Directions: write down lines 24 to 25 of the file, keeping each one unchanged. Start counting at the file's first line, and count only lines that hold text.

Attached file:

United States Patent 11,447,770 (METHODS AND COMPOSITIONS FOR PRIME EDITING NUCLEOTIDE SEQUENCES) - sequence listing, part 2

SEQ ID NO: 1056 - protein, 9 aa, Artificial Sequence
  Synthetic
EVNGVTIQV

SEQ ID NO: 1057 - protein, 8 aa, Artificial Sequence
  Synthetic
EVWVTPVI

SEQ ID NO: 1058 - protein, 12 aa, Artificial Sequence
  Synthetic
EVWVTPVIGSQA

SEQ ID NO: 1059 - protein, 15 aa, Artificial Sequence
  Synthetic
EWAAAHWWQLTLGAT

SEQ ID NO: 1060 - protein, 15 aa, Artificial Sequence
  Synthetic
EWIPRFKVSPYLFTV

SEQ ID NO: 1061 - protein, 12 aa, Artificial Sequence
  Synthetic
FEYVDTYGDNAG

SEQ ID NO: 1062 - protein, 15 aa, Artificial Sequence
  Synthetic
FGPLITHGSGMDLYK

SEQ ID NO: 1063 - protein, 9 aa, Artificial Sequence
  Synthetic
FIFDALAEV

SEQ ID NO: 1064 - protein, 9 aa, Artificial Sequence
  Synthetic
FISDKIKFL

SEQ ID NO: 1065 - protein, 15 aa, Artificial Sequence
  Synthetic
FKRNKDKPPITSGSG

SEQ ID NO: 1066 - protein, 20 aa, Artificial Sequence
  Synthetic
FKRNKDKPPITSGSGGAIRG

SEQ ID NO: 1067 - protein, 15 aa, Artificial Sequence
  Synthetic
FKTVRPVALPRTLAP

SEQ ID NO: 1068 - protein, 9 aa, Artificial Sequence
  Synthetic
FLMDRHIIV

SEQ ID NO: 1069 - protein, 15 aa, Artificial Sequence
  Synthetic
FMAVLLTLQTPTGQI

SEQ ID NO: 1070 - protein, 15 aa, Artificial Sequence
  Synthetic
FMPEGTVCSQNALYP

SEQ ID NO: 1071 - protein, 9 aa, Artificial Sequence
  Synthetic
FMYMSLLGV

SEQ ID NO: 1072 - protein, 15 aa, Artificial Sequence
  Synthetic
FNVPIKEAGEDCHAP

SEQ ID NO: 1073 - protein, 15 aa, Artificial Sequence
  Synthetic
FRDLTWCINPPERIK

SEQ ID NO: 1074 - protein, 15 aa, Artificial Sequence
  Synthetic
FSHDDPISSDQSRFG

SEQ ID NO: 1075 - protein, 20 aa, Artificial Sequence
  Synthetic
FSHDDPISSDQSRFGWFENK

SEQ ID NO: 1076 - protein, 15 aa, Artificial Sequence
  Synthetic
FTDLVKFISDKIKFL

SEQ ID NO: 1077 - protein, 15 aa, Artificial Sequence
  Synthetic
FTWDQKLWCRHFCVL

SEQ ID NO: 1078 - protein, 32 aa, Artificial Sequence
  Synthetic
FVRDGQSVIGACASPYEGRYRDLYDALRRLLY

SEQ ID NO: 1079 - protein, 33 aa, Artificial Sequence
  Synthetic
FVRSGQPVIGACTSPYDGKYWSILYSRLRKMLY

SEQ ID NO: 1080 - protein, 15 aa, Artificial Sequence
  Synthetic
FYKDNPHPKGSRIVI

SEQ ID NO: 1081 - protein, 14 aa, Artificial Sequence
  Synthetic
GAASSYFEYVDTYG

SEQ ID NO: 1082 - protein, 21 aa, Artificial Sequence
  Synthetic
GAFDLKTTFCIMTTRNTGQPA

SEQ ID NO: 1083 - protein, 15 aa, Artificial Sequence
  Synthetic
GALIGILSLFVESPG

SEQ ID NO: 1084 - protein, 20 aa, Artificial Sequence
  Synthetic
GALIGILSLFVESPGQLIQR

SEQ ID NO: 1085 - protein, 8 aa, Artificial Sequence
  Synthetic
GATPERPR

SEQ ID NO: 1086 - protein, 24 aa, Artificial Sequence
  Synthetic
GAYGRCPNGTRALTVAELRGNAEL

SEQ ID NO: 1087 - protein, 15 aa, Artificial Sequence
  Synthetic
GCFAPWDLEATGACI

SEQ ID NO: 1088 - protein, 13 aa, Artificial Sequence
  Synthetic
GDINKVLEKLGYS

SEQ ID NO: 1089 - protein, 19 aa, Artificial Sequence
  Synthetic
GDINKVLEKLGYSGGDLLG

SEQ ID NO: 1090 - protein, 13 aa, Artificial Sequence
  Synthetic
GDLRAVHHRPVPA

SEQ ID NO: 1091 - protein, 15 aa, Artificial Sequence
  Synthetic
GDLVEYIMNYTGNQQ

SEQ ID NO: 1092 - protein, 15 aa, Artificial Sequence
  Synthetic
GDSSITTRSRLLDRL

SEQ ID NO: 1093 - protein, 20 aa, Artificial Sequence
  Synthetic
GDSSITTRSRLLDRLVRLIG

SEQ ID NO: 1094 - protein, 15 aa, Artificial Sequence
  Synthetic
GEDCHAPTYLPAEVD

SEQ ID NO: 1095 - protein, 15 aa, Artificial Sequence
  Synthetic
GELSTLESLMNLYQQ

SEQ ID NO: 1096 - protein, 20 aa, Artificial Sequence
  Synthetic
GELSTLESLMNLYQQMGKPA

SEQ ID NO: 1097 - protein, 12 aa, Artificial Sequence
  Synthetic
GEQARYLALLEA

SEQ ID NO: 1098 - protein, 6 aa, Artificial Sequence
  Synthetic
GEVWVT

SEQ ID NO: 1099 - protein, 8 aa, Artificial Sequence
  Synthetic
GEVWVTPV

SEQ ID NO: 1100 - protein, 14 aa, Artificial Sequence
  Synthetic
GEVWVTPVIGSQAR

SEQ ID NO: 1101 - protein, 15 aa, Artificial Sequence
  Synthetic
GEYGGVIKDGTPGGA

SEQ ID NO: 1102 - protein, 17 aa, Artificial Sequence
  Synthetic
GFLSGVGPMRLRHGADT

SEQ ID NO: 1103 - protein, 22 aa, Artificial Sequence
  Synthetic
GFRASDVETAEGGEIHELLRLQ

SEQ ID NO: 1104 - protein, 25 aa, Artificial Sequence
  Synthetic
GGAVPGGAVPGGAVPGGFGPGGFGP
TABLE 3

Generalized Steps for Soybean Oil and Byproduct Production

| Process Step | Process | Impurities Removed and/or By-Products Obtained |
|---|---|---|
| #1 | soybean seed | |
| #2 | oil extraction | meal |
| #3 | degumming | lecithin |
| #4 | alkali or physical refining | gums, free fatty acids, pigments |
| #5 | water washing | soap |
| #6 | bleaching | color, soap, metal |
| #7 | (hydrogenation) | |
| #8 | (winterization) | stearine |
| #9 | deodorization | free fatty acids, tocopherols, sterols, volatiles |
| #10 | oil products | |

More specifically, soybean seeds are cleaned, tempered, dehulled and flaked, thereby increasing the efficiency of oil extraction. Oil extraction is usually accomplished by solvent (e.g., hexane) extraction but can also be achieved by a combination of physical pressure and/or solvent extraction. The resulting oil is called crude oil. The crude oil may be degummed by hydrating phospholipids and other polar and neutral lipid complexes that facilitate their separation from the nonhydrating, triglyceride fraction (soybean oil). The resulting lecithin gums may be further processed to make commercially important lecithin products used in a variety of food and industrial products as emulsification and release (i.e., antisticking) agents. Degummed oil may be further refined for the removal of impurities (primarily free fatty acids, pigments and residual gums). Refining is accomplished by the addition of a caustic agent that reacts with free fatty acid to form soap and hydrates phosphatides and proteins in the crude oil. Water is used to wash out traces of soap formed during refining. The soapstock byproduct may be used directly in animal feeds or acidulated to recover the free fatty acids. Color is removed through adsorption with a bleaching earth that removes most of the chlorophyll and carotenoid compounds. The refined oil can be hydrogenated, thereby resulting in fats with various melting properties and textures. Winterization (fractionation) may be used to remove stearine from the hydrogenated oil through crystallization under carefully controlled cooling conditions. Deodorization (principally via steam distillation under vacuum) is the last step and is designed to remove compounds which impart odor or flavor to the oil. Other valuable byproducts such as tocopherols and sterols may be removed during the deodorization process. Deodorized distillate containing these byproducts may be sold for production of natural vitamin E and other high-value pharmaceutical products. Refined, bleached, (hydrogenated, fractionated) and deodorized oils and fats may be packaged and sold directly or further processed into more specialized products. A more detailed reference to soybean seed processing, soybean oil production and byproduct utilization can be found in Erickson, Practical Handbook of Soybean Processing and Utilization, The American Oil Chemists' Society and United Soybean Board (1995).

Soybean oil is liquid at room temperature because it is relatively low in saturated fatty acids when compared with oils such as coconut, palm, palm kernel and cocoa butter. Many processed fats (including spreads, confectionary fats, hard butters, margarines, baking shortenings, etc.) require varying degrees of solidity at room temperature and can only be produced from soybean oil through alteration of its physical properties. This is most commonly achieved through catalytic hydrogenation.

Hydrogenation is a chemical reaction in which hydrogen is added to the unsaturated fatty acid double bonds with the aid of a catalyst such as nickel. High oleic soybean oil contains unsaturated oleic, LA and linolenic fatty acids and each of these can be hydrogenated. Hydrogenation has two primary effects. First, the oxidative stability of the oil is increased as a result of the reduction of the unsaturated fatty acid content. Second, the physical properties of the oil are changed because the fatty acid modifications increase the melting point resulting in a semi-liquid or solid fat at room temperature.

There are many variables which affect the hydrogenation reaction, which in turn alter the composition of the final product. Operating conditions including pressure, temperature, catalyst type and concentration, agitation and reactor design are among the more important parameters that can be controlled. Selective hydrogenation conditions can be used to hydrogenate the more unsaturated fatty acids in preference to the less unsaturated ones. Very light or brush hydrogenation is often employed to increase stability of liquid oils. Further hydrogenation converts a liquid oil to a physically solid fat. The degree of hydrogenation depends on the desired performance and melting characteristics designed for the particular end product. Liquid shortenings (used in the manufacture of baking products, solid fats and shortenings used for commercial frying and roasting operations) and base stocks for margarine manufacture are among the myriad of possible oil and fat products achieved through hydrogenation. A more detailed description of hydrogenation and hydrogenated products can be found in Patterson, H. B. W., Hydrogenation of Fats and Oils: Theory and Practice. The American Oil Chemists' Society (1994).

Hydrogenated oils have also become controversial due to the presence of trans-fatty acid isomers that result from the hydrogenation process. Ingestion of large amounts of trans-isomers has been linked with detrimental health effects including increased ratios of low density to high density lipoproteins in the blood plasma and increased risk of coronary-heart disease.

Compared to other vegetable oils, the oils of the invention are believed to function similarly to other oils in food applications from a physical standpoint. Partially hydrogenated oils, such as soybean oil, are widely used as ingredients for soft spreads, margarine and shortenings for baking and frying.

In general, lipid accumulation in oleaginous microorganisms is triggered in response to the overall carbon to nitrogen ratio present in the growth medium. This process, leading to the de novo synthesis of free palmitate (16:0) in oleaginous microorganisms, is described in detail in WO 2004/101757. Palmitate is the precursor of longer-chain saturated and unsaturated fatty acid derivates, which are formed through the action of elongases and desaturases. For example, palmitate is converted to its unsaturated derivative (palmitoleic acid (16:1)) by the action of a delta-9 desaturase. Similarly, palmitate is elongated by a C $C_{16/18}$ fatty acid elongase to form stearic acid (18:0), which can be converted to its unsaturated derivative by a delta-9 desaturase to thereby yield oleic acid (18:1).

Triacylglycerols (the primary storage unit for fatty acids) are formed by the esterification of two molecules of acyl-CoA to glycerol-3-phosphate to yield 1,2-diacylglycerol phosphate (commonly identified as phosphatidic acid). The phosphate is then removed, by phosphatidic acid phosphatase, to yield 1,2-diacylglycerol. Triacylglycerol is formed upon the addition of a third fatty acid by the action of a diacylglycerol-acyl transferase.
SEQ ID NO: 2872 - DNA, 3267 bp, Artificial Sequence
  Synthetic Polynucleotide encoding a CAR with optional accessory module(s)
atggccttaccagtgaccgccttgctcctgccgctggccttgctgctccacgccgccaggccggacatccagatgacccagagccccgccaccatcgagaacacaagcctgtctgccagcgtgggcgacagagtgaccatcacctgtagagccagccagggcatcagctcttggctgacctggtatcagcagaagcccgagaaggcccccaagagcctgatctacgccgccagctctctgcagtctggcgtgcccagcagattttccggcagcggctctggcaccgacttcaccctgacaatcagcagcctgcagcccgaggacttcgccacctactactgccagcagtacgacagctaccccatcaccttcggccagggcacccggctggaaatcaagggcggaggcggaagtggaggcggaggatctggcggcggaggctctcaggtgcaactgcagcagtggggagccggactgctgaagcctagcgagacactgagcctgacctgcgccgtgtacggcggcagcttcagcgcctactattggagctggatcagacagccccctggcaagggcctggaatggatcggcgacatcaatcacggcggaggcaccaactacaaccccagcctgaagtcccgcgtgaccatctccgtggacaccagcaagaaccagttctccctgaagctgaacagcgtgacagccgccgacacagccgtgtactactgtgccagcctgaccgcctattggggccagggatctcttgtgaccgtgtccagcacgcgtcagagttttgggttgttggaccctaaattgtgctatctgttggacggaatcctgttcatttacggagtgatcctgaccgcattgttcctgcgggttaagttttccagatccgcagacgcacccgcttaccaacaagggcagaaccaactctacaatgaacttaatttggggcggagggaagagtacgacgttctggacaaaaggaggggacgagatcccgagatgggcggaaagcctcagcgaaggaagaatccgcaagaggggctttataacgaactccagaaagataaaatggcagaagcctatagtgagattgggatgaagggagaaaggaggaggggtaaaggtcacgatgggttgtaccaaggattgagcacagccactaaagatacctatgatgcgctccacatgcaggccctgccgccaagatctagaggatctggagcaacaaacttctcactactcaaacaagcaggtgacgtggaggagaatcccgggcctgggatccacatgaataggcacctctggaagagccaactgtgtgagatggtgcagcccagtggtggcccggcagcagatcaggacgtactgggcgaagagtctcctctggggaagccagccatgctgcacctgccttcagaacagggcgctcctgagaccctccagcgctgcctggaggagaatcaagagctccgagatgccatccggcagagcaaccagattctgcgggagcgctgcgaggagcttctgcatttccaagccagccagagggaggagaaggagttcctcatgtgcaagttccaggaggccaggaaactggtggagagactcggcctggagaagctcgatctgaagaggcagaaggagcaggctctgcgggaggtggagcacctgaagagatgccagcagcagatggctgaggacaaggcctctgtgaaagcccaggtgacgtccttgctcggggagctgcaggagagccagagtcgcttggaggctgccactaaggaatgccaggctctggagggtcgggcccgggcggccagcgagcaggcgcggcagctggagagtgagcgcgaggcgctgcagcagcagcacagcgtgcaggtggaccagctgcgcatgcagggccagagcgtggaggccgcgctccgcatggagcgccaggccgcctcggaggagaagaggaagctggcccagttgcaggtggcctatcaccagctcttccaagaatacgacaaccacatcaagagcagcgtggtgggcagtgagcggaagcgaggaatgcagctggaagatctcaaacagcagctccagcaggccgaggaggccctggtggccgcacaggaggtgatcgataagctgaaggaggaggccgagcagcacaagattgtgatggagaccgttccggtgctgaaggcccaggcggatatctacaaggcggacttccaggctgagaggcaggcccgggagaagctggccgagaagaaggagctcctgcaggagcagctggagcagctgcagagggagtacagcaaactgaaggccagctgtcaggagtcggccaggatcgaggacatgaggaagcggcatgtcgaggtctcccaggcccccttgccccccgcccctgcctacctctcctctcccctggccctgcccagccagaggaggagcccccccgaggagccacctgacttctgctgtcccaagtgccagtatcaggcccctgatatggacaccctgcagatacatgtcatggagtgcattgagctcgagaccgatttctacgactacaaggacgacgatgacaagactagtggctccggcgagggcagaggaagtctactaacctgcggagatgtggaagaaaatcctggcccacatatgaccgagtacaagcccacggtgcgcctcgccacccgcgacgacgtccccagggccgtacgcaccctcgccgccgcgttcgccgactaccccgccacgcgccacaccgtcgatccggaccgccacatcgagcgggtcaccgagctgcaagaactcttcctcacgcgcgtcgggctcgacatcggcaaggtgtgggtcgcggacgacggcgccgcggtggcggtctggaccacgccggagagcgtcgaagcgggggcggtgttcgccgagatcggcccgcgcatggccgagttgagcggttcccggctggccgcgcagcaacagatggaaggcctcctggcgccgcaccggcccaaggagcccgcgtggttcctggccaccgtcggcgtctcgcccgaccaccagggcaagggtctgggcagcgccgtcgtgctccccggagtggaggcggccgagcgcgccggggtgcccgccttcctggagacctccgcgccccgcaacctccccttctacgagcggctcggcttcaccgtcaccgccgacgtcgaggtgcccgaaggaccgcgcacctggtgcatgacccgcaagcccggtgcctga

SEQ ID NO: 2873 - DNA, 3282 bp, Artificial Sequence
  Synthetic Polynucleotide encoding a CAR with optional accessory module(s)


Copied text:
  Synthetic
FIFDALAEV